It’s a lacking sense of belonging to this world. The narrator comes to a realization and an understanding, late in his journey and after living a long life he shares this insight on this matter with the reader. In the twentieth century our country was in a different place and its society had another outlook towards African Americans and dealings with them. Race relations in this country in the early twentieth century, was intense and explosive. During and after the Reconstruction, African Americans were completely betrayed by their own country.
Daniel Bridgers English 1102 27 October 2014 Alford Reflective Response In the essay, “Black Men and Public Space,” Staples expresses the difficulties African Americans may face in today’s society. Through detailed description, Staples explains how he had been negatively stereotyped throughout is life. It taught him to take precaution in the places he would visit and the people he would encounter.. The wording used is very powerful. It vividly depicts how society views race.
In Charles W. Chesnutt’s short story, “The Wife of His Youth” there are several instances that expose the ways in which racial inequalities effected people after the Civil War. The fact that racism exists throughout all cultures is unfortunate, and Chestnutt gives us a horrifying reminder of the way that racial inequality was in America. Chestnutt takes an interesting stance in this story: even within colored communities, internal racism still exists. The main character, Mr. Ryder, indicates how society impacts his ideologies and morals through his selfishness, unreliableness, and deception. His prejudice beliefs illuminate the hypocrisy within his culture, and the compulsion of undermining their own heritage.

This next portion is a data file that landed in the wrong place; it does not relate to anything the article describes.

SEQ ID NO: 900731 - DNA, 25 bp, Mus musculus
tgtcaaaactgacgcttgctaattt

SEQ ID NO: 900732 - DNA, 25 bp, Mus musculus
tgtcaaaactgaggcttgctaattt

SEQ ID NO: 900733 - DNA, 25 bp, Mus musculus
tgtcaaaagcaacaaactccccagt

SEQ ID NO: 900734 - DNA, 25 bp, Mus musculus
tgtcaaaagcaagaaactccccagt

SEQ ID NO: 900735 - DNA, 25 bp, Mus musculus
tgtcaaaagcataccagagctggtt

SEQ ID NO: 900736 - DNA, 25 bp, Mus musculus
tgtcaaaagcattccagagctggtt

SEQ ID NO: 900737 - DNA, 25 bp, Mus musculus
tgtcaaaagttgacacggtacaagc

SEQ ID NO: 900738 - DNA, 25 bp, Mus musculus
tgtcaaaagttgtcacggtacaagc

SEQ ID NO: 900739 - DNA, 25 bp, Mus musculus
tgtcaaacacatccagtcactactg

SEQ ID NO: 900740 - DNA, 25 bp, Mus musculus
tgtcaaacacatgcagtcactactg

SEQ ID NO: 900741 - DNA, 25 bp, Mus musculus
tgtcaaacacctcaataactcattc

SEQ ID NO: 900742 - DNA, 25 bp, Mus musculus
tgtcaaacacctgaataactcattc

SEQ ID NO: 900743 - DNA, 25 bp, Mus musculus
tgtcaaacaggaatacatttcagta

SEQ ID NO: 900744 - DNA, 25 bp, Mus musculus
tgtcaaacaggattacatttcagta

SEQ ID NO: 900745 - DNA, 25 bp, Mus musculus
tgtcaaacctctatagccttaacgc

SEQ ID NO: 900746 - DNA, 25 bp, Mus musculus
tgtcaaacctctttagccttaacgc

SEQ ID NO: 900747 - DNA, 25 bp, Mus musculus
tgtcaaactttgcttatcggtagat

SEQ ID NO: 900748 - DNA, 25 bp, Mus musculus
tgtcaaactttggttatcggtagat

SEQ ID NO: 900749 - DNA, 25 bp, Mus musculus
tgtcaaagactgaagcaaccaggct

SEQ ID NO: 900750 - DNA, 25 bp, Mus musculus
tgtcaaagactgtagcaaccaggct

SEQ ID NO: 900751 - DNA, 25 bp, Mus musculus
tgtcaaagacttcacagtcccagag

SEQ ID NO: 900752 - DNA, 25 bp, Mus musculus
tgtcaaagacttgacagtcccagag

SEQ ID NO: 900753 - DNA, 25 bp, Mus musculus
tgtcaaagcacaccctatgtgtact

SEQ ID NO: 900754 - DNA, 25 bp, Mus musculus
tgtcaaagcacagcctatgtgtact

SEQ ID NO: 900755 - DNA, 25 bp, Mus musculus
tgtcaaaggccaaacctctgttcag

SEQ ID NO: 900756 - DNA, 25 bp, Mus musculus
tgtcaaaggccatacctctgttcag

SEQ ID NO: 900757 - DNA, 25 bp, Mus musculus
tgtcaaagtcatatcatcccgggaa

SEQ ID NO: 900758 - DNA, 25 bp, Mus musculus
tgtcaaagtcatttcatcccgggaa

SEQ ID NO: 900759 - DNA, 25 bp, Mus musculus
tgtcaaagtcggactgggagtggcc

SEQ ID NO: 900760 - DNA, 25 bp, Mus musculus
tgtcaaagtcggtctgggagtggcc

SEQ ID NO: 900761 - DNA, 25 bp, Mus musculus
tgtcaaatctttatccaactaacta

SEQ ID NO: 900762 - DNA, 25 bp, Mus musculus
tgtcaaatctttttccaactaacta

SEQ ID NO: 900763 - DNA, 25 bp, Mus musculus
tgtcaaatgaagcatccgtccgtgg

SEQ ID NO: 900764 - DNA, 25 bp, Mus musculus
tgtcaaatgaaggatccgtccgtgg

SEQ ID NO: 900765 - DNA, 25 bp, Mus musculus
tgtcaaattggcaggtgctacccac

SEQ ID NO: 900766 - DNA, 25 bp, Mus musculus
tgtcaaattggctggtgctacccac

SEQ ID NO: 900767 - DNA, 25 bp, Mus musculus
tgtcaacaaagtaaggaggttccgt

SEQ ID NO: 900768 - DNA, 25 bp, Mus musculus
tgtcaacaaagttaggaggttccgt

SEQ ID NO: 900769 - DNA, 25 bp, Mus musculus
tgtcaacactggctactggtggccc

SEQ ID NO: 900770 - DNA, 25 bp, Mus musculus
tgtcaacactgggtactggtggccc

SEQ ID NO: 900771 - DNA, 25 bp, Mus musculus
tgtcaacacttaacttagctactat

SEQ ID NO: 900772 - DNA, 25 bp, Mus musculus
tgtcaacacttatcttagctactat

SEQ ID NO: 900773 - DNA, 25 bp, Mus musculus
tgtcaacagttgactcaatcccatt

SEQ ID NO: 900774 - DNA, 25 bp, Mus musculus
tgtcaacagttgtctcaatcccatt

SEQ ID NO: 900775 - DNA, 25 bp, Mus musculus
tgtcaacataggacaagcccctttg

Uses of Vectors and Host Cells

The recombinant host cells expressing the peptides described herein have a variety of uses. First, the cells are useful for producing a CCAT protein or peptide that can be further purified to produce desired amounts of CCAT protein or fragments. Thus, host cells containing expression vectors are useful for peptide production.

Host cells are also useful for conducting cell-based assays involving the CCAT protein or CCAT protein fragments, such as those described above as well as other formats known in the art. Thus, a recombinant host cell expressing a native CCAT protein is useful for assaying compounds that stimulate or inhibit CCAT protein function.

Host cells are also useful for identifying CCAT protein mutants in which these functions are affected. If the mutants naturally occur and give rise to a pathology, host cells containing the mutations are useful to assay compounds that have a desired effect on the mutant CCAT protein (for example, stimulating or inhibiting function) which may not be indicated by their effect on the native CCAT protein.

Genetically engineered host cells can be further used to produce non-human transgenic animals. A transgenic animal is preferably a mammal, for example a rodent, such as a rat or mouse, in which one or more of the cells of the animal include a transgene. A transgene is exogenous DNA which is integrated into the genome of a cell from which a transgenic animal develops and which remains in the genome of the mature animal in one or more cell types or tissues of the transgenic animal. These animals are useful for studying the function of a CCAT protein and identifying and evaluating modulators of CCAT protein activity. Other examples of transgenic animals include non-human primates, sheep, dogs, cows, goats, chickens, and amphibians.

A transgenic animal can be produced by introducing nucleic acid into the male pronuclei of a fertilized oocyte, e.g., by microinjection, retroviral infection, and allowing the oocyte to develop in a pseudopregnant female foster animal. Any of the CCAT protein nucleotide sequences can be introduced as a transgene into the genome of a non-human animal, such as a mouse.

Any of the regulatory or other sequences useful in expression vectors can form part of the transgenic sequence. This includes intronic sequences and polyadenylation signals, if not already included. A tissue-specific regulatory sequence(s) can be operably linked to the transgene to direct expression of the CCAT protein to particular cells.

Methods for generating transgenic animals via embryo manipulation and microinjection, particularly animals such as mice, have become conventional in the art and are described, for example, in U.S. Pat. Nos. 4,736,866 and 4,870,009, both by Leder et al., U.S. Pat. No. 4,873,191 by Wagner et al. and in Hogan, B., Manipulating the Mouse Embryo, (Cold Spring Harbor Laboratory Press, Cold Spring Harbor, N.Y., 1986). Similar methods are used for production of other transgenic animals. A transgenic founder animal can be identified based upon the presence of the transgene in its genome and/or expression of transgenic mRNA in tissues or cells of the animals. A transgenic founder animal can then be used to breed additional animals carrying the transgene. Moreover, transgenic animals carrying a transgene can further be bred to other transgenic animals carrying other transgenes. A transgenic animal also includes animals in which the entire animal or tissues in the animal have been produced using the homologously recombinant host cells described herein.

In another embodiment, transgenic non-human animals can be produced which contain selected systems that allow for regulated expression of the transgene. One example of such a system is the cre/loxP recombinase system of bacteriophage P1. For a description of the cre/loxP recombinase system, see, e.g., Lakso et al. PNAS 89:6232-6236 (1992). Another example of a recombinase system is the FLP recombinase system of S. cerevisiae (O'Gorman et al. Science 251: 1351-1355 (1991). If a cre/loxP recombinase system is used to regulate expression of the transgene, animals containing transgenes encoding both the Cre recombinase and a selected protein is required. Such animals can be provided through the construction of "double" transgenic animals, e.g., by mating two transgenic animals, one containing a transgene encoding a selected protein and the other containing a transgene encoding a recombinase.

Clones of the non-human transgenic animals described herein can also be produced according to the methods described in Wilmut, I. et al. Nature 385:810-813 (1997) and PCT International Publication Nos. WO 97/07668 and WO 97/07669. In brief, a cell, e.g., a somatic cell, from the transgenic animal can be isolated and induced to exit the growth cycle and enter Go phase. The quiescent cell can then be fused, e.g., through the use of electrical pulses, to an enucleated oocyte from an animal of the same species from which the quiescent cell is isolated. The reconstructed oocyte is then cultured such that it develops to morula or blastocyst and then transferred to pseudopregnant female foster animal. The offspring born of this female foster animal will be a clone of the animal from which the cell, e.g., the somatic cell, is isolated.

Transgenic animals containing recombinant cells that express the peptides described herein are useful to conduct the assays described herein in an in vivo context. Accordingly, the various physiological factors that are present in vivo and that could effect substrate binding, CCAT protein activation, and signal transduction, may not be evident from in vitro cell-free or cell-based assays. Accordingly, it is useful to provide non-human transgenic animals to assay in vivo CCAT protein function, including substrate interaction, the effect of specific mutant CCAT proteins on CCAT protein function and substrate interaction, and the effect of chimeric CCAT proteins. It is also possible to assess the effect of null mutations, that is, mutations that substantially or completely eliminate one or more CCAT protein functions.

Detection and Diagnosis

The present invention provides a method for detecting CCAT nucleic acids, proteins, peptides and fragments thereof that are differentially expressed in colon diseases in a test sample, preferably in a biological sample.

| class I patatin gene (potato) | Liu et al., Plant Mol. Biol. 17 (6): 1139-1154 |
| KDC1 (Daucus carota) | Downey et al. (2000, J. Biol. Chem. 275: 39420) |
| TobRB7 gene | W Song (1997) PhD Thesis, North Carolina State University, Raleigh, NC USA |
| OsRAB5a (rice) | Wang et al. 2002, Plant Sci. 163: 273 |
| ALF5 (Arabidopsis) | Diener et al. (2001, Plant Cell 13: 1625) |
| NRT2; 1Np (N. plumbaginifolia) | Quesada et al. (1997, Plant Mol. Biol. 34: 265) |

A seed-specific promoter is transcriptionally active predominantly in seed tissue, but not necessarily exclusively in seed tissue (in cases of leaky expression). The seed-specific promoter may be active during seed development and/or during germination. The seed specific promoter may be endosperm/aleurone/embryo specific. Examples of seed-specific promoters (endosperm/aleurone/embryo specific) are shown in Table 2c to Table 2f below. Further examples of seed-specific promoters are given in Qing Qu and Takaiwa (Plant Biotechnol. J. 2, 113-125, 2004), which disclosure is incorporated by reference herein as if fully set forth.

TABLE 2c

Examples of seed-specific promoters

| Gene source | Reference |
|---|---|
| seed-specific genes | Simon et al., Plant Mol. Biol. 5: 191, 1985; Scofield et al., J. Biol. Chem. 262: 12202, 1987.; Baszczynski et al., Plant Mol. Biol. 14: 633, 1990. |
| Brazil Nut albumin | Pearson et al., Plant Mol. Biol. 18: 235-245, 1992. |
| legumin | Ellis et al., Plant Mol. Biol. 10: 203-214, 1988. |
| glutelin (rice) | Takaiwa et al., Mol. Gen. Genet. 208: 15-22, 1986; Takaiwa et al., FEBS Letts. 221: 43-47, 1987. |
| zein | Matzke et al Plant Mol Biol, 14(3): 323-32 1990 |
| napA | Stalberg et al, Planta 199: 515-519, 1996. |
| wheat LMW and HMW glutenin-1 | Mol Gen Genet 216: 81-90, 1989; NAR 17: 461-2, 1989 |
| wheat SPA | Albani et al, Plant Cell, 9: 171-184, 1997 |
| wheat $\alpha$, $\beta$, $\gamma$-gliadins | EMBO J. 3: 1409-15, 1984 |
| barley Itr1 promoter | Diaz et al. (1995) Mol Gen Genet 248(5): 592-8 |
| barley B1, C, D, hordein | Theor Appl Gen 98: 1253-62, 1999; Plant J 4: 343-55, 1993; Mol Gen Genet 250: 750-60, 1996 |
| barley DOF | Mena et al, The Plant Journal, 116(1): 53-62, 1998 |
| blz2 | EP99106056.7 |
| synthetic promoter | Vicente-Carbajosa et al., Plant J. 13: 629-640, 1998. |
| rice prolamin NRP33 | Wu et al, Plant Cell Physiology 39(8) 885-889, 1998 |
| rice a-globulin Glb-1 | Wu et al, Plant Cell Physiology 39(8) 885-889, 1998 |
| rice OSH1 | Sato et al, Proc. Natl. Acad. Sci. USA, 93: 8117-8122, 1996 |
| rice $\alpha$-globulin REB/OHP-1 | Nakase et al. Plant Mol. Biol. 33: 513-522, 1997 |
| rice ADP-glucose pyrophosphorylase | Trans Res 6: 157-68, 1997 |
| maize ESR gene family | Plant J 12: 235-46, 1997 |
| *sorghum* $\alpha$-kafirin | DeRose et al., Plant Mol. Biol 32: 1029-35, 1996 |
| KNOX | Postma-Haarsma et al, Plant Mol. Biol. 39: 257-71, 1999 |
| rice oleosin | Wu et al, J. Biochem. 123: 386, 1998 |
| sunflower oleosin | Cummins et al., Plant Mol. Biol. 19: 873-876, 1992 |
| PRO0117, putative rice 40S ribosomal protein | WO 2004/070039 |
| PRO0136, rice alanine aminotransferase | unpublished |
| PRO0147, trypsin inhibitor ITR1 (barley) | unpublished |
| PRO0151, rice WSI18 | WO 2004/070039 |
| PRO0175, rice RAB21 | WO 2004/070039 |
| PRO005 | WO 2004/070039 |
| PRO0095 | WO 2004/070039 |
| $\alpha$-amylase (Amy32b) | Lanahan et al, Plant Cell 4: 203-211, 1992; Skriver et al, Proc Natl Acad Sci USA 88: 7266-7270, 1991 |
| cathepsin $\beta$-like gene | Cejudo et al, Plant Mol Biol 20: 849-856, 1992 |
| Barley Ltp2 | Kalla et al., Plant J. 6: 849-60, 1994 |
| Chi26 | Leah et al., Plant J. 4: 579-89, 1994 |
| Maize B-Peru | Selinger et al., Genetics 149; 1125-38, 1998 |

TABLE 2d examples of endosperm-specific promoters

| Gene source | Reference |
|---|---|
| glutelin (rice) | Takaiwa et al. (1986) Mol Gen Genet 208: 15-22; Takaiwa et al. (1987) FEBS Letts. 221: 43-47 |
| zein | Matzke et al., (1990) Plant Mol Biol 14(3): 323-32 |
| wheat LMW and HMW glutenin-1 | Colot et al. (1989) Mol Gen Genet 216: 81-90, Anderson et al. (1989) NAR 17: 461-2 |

How does the trial help to reveal attitudes within Maycomb? Maycomb lives on racial prejudice and Lee bases the trial in order on this to show the injustice of the racism which African American people went through in the nineteenth and twentieth century’s. Using Atticus as a white lawyer defending a Negro presents the attitudes of Maycomb from a perspective of their own, in which they believe is the superior race. However Lee uses Atticus’s character in order to reveal these attitudes that Maycomb have and similarly this reflects upon the attitudes that Southern America had also during the time of the Jim Crow Laws. It is hard to state in particular to why Maycomb holds such ideas towards Black people, but Lee blames this to the conditions of the country and how it influenced each and every citizen present at the time.
The reader soon finds out that guilt caused by one’s own indiscretion will lead to mental issues such as hallucinations, sleep disorders and imprudent behaviours. It puts a spin on life that can change the look of just about anything. Psychological impacts of guilt can cause what one sees and hears to be far from the reality of things. Macbeth’s overwhelming guilt causes him to begin to see hallucinations before him and to even hear things that may not even be there. In the beginning, Macbeth feels guilty and questions killing Duncan.